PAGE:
Much of this had been mentioned in my earlier answers, but yes, your best friends are water, fresh (organic if possible) unadulterated foods and eschew all sugar and artificial sweeteners.

Miss sweets? Try stevia (Zevia sodas are fun if you miss your soda), liquid Sweetleaf Stevia is great to add to coffee or tea, and enjoy other healthy natural sweeteners such as coconut sugar, date sugar (or syrup) and fresh fruit.

CF: What are some of the simple habits that people can adopt progressively to ultimately embrace a healthy lifestyle at work without bouncing back?

Dr. VP: Start with hydration. Find a 32-ounce container and fill it with healthy water. By lunchtime, it should be empty and then refill to get your 8 cups or 64 ounces per day.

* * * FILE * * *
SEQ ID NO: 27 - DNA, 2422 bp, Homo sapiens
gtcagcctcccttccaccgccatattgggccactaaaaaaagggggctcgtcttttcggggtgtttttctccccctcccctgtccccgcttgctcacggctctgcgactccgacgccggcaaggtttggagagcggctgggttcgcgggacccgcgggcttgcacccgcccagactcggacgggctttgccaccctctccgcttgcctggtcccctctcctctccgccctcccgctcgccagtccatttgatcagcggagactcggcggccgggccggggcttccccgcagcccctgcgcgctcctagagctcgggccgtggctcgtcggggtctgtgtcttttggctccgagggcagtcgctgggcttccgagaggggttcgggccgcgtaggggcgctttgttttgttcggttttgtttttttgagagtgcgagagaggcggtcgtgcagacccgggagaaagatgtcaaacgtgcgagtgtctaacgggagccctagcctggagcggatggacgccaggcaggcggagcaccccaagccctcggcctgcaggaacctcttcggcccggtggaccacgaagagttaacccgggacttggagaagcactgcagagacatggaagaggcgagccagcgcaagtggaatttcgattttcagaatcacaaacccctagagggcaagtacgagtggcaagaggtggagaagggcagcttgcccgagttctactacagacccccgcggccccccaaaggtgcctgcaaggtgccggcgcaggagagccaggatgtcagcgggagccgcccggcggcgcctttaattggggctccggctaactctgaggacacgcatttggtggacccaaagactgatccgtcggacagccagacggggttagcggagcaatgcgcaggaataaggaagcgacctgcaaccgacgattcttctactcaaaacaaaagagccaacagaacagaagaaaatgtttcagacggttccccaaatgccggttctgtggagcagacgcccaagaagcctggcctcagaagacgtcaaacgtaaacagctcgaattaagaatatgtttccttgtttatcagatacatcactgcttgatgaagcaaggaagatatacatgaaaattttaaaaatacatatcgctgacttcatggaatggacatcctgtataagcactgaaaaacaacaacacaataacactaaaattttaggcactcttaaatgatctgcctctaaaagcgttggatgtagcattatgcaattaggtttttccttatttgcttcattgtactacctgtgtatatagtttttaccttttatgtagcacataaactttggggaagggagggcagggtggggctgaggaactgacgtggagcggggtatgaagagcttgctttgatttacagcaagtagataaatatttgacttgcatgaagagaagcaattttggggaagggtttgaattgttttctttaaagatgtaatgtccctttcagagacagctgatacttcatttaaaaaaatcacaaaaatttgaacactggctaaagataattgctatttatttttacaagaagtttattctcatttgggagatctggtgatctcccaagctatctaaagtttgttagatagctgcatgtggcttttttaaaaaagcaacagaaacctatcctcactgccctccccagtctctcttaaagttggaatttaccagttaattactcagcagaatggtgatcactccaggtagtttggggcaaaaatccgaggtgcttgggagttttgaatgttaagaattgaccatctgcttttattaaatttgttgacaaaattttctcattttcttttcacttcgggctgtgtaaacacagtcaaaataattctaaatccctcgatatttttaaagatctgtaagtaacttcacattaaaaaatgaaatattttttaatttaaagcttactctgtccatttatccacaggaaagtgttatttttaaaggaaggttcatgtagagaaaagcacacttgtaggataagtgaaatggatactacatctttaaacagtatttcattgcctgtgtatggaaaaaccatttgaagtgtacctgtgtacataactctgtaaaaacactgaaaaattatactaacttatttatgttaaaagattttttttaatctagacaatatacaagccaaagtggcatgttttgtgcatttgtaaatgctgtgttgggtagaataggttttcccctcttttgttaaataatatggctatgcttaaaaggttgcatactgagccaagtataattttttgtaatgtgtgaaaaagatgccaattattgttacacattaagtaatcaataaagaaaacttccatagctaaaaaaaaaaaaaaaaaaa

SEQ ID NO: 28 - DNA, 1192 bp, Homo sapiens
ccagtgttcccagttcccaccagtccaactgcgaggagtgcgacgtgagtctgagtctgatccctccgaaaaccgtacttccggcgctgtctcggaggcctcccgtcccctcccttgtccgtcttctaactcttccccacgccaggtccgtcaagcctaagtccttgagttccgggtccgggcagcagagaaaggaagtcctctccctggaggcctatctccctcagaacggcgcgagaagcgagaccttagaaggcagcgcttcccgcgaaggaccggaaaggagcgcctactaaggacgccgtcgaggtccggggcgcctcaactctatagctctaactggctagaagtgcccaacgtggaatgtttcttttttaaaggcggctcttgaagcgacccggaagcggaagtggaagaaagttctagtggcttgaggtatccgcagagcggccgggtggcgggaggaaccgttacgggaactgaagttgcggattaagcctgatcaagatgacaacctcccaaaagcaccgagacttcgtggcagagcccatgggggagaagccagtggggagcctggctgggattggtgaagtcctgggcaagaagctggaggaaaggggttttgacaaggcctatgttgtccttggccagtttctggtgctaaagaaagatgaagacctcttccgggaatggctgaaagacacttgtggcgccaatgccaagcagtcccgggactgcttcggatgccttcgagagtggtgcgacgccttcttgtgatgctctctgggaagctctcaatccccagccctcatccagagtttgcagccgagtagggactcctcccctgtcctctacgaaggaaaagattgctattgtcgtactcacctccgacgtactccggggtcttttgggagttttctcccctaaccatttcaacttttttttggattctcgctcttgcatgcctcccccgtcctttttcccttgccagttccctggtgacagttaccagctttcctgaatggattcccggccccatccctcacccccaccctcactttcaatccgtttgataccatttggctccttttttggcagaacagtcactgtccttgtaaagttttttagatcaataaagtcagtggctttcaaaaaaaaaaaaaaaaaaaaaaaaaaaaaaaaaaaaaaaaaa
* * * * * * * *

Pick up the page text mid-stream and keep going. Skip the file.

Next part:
Decide to bring some healthy “treats” with you to work so that you are not tempted by any cookies, candy or donuts lying around the break room. 

Bring your food with you that you have prepared the day before or the weekend before and can easily defrost. Make it a policy that you will eat your own food whenever possible and before you get tempted with a fast-food run.

We discussed the “eat a little before you go” technique if you must eat out for a work function. Even if your company is providing food, unless it is of excellent quality it is worth the expense to purchase and prepare your own.

If someone notices that you aren’t eating much at a work function, excuses that work are: “I’m just not that hungry.” “I ate a huge breakfast.” No one really cares; your health is more important.

CF: Finally, what are some of the signs of people not having a nutritious meal at work?

Dr. VP: Fatigue, loss of concentration, brain fog, moodiness, forgetfulness, decreased motivation are some of the most common I see with my patients.